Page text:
EDC a Fixed Blade

EDC a Fixed Blade? (How to do it, and What Knives Are Best)

EDC a Fixed Blade?

Most people decide to go with a folding knife of some kind for EDC, but what about all the great fixed blades that are out there? Can you carry a fixed blade every day?

Carrying a fixed blade knife as part of your EDC can be done pretty easily. For hard use, you really can’t go wrong with a fixed blade knife. If strength is the most important thing to you, then a fixed blade knife for EDC is the way to go.

If you interested in adding a fixed blade to your EDC, keep reading to get some ideas on how to go about it!

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Carrying a Fixed Blade as Part of Your EDC

Carrying a fixed blade knife (a knife that doesn’t have a folding blade) can be a little more difficult than carrying a folding blade. It also has some of its own advantages.

The main disadvantage of carrying a fixed blade is that the blade doesn’t fold, so they tend to be longer than a folding knife. This makes them more difficult to carry comfortably and to conceal, but those are the only real disadvantages.

EDC a Fixed Blade
There are also some great advantages that fixed blades have over most folding knives. Folding blades are usually weakest at the hinge where they fold. Fixed blades don’t fold, so they don’t have that disadvantage. If you value the strength of your knife over ease of carrying, then a fixed blade makes perfect sense for you.

Most people that carry fixed blades use them as part of their daily jobs or live in more rural areas where seeing someone carrying a large knife doesn’t draw any extra attention. If you’re carrying a fixed blade in an urban area, then people that see it may react differently.

How to EDC a Fixed Blade Knife

At first glance, there doesn’t seem like there’d be a lot of ways to carry a fixed blade knife for EDC, but after you look around a little, there are actually a lot of creative ways that people have come up with. These are just some of the ways that you can carry a fixed blade.

EDC a Fixed Blade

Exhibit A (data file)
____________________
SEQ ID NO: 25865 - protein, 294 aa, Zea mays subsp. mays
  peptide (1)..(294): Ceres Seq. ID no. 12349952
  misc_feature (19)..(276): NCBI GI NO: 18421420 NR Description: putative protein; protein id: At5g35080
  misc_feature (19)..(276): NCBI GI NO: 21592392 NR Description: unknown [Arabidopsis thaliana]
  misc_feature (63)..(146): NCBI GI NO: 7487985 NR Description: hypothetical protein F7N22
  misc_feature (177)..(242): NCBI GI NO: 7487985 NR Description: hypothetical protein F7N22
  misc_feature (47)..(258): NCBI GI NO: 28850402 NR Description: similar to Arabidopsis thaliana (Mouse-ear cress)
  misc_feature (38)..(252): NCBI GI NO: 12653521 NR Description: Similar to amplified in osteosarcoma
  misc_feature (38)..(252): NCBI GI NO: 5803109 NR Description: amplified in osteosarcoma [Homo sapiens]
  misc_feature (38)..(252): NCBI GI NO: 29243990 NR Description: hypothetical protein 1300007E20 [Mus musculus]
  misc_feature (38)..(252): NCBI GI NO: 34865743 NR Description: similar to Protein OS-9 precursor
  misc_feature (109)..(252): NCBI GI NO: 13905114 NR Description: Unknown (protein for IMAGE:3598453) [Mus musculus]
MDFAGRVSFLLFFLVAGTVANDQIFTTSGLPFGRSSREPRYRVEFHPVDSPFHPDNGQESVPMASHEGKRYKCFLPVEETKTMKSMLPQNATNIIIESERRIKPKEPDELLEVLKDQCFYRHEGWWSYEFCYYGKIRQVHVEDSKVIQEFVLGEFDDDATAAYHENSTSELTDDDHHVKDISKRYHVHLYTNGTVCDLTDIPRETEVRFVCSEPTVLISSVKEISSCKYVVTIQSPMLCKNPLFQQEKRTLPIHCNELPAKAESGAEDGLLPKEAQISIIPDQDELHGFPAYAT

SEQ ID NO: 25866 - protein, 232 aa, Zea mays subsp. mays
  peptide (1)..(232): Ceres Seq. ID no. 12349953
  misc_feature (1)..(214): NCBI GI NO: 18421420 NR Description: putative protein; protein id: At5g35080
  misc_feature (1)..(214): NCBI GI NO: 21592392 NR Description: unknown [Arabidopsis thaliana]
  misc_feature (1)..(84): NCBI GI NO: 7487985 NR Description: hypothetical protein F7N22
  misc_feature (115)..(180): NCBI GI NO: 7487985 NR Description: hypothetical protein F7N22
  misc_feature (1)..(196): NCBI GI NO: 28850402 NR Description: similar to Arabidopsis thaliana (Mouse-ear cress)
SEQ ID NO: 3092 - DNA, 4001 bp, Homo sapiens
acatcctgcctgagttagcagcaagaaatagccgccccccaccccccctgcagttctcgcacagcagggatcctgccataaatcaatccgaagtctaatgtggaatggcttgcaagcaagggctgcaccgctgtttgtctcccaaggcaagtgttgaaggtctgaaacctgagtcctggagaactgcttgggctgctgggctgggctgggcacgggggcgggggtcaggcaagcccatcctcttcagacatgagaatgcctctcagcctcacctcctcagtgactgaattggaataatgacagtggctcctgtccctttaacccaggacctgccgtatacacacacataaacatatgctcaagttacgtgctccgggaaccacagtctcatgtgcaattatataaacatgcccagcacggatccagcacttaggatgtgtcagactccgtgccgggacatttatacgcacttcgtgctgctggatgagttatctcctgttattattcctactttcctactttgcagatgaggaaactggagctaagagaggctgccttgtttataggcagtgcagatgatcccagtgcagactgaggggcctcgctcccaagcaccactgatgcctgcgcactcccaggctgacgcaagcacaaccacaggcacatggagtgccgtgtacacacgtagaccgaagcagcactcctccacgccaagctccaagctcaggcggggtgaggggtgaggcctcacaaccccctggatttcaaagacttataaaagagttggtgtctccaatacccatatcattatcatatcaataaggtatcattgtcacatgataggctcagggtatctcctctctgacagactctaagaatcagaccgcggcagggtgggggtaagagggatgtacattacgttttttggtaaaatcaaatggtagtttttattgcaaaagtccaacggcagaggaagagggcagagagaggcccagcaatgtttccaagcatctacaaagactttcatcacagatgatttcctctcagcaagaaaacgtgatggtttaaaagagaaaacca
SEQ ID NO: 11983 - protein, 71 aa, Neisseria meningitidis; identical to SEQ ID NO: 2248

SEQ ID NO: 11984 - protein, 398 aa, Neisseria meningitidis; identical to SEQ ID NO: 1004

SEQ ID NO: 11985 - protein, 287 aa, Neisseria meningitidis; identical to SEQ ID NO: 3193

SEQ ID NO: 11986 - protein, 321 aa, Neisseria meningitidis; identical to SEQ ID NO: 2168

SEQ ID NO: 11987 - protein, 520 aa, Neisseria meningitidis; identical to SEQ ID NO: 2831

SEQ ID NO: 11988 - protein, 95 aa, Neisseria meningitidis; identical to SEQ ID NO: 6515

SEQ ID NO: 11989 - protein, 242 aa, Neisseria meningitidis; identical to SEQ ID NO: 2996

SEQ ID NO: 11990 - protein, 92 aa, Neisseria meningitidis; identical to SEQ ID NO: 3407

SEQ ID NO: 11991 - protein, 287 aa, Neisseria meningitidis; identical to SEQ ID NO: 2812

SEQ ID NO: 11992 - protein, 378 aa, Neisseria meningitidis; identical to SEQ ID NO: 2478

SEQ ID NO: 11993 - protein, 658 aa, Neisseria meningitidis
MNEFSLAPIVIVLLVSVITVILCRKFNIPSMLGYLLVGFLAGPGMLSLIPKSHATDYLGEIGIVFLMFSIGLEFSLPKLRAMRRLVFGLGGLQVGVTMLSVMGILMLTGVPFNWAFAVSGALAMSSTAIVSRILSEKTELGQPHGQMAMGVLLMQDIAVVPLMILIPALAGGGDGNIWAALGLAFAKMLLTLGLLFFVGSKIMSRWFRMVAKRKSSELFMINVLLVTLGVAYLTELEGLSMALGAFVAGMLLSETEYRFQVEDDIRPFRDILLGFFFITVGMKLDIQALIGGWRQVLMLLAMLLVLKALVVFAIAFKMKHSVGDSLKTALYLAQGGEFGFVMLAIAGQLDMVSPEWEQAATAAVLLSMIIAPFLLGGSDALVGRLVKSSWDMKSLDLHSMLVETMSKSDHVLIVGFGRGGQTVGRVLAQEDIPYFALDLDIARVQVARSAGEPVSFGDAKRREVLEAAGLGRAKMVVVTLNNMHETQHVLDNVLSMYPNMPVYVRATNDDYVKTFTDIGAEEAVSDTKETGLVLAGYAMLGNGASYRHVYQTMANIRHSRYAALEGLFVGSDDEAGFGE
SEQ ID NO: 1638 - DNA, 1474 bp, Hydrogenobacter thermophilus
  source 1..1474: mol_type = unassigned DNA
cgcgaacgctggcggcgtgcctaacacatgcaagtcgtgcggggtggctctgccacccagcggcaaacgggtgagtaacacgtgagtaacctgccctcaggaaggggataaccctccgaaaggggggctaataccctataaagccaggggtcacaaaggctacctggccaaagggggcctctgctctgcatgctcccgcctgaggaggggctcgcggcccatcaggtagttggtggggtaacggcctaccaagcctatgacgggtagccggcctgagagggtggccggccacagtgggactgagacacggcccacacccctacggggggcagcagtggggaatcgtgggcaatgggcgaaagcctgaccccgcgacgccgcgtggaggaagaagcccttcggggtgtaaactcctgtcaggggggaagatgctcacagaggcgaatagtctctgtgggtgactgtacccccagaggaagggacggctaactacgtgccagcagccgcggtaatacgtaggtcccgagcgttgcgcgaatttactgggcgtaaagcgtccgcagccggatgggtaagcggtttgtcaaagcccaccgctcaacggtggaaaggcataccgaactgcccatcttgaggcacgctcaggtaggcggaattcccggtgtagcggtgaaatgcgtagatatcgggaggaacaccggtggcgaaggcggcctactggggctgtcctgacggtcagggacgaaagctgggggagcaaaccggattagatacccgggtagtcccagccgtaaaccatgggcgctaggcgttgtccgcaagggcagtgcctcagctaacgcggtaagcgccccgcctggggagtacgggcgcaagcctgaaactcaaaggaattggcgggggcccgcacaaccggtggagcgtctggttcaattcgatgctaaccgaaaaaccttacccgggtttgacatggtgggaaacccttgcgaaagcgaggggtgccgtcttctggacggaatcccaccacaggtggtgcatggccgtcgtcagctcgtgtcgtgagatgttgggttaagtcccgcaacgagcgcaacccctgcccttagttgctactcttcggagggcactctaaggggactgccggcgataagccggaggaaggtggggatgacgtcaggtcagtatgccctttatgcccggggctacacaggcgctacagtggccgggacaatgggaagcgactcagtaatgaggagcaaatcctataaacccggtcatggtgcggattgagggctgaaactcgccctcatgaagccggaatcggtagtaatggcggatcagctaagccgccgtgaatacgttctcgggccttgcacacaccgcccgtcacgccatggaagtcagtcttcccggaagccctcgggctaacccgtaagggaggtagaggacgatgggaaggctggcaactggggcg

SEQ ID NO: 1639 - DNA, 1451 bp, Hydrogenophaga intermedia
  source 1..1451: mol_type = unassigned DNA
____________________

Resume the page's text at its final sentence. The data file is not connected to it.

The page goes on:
OWB

Outside the waistband carry is probably the most popular way to carry a fixed blade knife. This just involves attaching the knife to your belt, either tip down or tip up. It just works. There really isn’t a lot to say about it.

IWB

Inside the waistband carry is similar to the way that you’d conceal carry a pistol. The sheath and blade are inside of your pants so they can’t be seen and the handle protrudes up so you can grab it and get to the knife when you need it.

This is the least comfortable way to carry a fixed blade for me. The only time that I don’t mind it is if I’m carrying something small like a Ka-Bar TDI.

Make sure you check your local laws before you start carrying a knife this way. In most states, this is considered as carrying a concealed weapon. If you’re not allowed to carry a concealed weapon, then you probably can’t carry a fixed blade knife this way.

Dropleg

A dropleg sheath can make carrying a fixed blade much more comfortable for a lot of people. By moving the sheath below the beltline, you don’t run into issues where the handle can jab you in the side.

Most dropleg sheathes have some way to attach the bottom of the sheath to your thigh to prevent it from moving around while you’re walking or crouching. I suggest giving it a try with the sheath tied down and with it loose. They both feel very different and you may find that you like one over the other.

Neck

A neck knife is simply a fixed blade knife with a sheath that hangs from a cord around your neck. I’ve never been a fan of neck knives, but there are a ton of people out there that really love them.

The advantages of this style of carry are that you can carry this way in shorts and a t-shirt without any problems. This really lends itself to smaller knives that aren’t going to be too annoying as they swing around on your neck.

Bag/Backpack

The easiest way to carry a fixed blade is by attaching it to a bag or backpack. It’s not the best way to make sure that you’ll always have a knife with you, but it does ensure that you’ll have your fixed blade with you while you’re out hiking, backpacking or doing anything else that requires you to have your bag with you.

I see this being most effective as a work/recreation style of carry, and probably not a true EDC carry method.

EDC a Fixed Blade

Scout Carry

Scout carry is probably the way that I’m most comfortable carrying a fixed blade as part of my EDC. This is when you attach the sheath inline with your belt.

The downside of scout carry is that if you carry a larger knife, then you end up with the handle (or the blade) sticking out away from your body. You can get around this by carrying in the small of your back, but I don’t recommend carrying anything hard directly over your spine.

Cant Carry

Cant carry is pretty much like scout carry, except that the blade is angled up slightly. This sometimes lets you carry a slightly longer blade without it sticking out like it can with scout carry and it can make getting a grip on the handle a little easier.

Pocket Carry

You can pocket carry a fixed blade by attaching the tip of the sheath to your belt or belt loop with a cord and then putting the knife and sheath into your pocket. This way, when you grab the handle of the knife and draw it, the sheath will pull away when it reaches the end of the cord.

Pocket carrying a fixed blade can be comfortable for some people, but I don’t really like it. I prefer to have the knife firmly attached to something rather than loosely sitting in my pocket.

What Side Do You Carry a Knife On?

There are a lot of options for carrying a knife beyond just the specific type of sheath or carry style. One of the most important is deciding exactly where you carry the knife.